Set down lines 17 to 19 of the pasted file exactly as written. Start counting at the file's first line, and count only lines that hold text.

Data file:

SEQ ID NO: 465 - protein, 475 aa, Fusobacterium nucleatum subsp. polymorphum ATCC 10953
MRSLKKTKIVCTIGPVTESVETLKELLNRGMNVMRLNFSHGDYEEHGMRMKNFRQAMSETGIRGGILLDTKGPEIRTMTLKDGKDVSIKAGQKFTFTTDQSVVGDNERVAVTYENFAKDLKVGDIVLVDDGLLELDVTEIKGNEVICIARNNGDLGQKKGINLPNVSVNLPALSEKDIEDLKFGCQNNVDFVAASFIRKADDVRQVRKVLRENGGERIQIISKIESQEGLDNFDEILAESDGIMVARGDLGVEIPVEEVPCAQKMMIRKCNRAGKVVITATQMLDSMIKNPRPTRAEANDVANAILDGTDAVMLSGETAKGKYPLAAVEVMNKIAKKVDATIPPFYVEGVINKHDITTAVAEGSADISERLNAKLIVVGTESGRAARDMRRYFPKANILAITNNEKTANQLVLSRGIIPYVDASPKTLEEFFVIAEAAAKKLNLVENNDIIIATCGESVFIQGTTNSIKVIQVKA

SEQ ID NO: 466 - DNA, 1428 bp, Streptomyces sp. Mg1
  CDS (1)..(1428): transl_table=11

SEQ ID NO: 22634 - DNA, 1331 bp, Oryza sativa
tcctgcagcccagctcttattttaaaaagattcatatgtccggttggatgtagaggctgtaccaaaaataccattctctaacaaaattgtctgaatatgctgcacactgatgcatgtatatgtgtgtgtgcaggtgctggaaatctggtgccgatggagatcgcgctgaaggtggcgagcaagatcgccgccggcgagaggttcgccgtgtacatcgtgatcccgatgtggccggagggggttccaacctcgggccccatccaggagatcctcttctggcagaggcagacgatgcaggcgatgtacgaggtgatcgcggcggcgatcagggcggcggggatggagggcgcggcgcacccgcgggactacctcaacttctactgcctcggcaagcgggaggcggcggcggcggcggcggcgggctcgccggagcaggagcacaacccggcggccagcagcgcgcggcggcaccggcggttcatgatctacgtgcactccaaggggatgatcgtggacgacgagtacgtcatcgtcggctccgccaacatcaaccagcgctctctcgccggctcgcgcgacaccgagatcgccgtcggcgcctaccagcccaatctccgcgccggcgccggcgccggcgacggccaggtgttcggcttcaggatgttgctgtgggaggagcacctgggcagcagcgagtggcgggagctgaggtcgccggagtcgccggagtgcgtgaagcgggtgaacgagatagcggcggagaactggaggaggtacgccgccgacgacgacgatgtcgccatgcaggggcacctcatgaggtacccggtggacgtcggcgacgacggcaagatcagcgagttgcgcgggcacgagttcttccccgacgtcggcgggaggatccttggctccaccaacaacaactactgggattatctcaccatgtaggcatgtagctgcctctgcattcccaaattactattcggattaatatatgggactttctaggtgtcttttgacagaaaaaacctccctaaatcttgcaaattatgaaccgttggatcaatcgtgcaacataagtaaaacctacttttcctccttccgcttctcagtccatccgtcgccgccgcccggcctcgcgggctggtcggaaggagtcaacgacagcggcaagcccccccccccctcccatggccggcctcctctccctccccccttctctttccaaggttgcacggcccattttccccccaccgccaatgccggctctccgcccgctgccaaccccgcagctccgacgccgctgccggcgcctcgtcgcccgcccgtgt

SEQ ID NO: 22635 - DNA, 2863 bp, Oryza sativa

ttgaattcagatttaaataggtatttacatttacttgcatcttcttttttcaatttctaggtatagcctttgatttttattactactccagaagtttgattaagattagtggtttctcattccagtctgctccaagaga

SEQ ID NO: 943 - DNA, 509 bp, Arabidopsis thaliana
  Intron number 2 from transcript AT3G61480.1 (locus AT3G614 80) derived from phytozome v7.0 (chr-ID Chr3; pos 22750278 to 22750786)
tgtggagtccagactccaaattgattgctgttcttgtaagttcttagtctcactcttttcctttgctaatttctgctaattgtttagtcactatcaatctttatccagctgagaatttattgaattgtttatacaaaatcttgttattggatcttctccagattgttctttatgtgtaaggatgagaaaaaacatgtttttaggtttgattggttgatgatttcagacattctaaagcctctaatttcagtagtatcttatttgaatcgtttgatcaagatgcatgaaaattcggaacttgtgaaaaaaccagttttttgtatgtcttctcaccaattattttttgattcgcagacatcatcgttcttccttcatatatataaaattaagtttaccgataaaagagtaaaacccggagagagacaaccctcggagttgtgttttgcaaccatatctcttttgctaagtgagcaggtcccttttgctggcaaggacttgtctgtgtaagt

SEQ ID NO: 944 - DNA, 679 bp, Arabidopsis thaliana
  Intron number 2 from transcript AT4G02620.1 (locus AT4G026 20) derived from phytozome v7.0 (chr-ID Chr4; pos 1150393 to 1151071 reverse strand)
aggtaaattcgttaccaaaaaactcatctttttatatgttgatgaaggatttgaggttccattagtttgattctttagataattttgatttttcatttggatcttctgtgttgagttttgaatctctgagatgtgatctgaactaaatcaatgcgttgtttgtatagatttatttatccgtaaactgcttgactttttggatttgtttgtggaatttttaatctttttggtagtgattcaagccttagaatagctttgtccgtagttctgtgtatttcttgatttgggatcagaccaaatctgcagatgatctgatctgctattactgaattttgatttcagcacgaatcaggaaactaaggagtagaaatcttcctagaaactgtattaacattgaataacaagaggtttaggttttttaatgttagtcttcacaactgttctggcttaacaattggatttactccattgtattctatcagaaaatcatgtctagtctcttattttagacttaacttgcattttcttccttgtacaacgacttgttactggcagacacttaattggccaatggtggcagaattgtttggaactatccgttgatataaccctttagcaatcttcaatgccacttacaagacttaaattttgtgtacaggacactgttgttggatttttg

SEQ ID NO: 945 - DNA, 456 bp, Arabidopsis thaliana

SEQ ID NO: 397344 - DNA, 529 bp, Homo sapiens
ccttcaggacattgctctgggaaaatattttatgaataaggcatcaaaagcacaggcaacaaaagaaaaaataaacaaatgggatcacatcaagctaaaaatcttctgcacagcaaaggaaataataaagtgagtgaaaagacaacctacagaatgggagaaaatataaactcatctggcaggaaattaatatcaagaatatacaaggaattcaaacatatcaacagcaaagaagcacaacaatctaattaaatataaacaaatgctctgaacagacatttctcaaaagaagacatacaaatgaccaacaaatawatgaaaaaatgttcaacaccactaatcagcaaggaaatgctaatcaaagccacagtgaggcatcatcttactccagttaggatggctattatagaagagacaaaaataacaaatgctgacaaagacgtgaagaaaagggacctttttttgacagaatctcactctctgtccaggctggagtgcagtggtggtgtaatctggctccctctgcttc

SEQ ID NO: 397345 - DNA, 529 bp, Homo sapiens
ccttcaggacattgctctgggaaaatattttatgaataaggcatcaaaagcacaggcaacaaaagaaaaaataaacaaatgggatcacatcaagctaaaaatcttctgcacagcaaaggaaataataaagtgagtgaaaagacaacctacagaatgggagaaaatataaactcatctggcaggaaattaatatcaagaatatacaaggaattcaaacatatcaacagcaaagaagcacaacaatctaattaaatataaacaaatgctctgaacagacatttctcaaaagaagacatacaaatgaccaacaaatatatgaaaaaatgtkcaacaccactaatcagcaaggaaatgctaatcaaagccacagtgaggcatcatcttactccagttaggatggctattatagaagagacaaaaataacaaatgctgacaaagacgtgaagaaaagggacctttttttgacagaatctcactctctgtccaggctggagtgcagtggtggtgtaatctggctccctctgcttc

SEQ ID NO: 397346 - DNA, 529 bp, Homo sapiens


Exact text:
ccttcaggacattgctctgggaaaatattttatgaataaggcatcaaaagcacaggcaacaaaagaaaaaataaacaaatgggatcacatcaagctaaaaatcttctgcacagcaaaggaaataataaagtgagtgaaaagacaacctacagaatgggagaaaatataaactcatctggcaggaaattaatatcaagaatatacaaggaattcaaacatatcaacagcaaagaagcacaacaatctaattaaatataaacaaatgctctgaacagacatttctcaaaagaagacatacaaatgaccaacaaatawatgaaaaaatgttcaacaccactaatcagcaaggaaatgctaatcaaagccacagtgaggcatcatcttactccagttaggatggctattatagaagagacaaaaataacaaatgctgacaaagacgtgaagaaaagggacctttttttgacagaatctcactctctgtccaggctggagtgcagtggtggtgtaatctggctccctctgcttc

SEQ ID NO: 397345 - DNA, 529 bp, Homo sapiens
ccttcaggacattgctctgggaaaatattttatgaataaggcatcaaaagcacaggcaacaaaagaaaaaataaacaaatgggatcacatcaagctaaaaatcttctgcacagcaaaggaaataataaagtgagtgaaaagacaacctacagaatgggagaaaatataaactcatctggcaggaaattaatatcaagaatatacaaggaattcaaacatatcaacagcaaagaagcacaacaatctaattaaatataaacaaatgctctgaacagacatttctcaaaagaagacatacaaatgaccaacaaatatatgaaaaaatgtkcaacaccactaatcagcaaggaaatgctaatcaaagccacagtgaggcatcatcttactccagttaggatggctattatagaagagacaaaaataacaaatgctgacaaagacgtgaagaaaagggacctttttttgacagaatctcactctctgtccaggctggagtgcagtggtggtgtaatctggctccctctgcttc